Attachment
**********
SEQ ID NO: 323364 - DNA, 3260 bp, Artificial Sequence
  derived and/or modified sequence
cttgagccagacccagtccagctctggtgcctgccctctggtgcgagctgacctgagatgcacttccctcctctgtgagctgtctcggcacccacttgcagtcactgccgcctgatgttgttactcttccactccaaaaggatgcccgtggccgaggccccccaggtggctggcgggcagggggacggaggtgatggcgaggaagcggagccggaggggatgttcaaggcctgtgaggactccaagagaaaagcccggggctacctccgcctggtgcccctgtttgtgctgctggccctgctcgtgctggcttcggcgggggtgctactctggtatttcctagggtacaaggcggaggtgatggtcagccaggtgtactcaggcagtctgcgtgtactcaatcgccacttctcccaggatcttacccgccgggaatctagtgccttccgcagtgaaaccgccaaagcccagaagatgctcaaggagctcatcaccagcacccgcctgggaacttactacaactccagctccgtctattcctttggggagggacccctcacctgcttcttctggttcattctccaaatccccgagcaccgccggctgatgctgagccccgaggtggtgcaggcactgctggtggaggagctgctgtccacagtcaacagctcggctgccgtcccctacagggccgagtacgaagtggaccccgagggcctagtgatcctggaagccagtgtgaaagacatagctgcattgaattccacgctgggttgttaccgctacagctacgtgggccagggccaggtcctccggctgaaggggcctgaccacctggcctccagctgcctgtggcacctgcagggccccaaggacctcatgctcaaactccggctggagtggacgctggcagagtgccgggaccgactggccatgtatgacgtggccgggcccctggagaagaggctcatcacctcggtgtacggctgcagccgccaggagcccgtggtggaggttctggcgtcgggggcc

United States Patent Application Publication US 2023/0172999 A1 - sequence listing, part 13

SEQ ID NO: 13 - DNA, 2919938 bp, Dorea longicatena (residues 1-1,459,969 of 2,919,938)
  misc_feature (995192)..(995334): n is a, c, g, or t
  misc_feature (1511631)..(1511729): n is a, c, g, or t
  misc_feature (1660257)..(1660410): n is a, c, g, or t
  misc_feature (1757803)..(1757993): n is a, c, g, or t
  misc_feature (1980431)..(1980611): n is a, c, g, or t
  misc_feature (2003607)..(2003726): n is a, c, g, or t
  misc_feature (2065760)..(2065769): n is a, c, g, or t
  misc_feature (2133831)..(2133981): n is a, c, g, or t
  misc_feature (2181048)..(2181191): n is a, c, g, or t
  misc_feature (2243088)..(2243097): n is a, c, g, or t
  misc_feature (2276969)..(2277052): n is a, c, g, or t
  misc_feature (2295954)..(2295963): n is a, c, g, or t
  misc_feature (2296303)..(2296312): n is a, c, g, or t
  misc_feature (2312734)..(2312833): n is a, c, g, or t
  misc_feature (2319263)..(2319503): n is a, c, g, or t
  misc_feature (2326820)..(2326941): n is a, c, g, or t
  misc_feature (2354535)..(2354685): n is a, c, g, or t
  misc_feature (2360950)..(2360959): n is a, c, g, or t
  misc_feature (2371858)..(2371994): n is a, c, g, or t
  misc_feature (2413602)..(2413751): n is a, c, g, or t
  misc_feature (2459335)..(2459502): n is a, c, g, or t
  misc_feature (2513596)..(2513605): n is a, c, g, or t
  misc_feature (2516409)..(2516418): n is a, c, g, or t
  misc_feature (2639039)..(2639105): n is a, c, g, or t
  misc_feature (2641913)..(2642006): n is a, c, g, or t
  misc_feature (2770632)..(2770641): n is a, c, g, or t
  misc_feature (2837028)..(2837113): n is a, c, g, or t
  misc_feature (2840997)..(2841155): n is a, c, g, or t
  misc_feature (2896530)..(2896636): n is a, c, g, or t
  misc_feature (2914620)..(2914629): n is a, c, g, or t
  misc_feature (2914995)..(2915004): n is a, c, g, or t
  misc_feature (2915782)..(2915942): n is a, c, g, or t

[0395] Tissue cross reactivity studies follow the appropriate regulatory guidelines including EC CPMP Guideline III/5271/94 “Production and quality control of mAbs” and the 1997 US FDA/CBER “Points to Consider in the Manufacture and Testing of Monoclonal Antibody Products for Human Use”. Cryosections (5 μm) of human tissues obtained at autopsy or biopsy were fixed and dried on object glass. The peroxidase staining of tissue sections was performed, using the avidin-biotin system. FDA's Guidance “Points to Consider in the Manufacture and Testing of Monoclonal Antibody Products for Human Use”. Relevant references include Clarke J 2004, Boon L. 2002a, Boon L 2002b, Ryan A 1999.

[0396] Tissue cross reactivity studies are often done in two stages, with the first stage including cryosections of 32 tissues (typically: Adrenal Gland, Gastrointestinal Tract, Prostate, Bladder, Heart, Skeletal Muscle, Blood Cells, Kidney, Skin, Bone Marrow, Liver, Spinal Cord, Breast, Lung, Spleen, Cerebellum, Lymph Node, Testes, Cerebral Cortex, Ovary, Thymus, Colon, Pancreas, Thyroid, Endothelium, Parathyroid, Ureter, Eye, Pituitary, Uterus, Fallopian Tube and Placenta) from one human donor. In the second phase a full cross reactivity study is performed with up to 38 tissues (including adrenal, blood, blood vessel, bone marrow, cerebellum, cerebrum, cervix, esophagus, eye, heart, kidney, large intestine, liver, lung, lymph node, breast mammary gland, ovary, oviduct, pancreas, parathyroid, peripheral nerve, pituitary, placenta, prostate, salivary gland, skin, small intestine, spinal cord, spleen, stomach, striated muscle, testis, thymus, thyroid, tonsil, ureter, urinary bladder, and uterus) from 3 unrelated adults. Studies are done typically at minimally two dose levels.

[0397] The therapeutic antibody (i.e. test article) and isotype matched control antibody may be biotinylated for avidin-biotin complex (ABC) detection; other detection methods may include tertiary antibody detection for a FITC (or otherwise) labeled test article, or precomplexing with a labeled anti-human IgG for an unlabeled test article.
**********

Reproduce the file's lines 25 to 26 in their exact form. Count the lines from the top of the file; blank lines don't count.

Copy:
  misc_feature (2413602)..(2413751): n is a, c, g, or t
  misc_feature (2459335)..(2459502): n is a, c, g, or t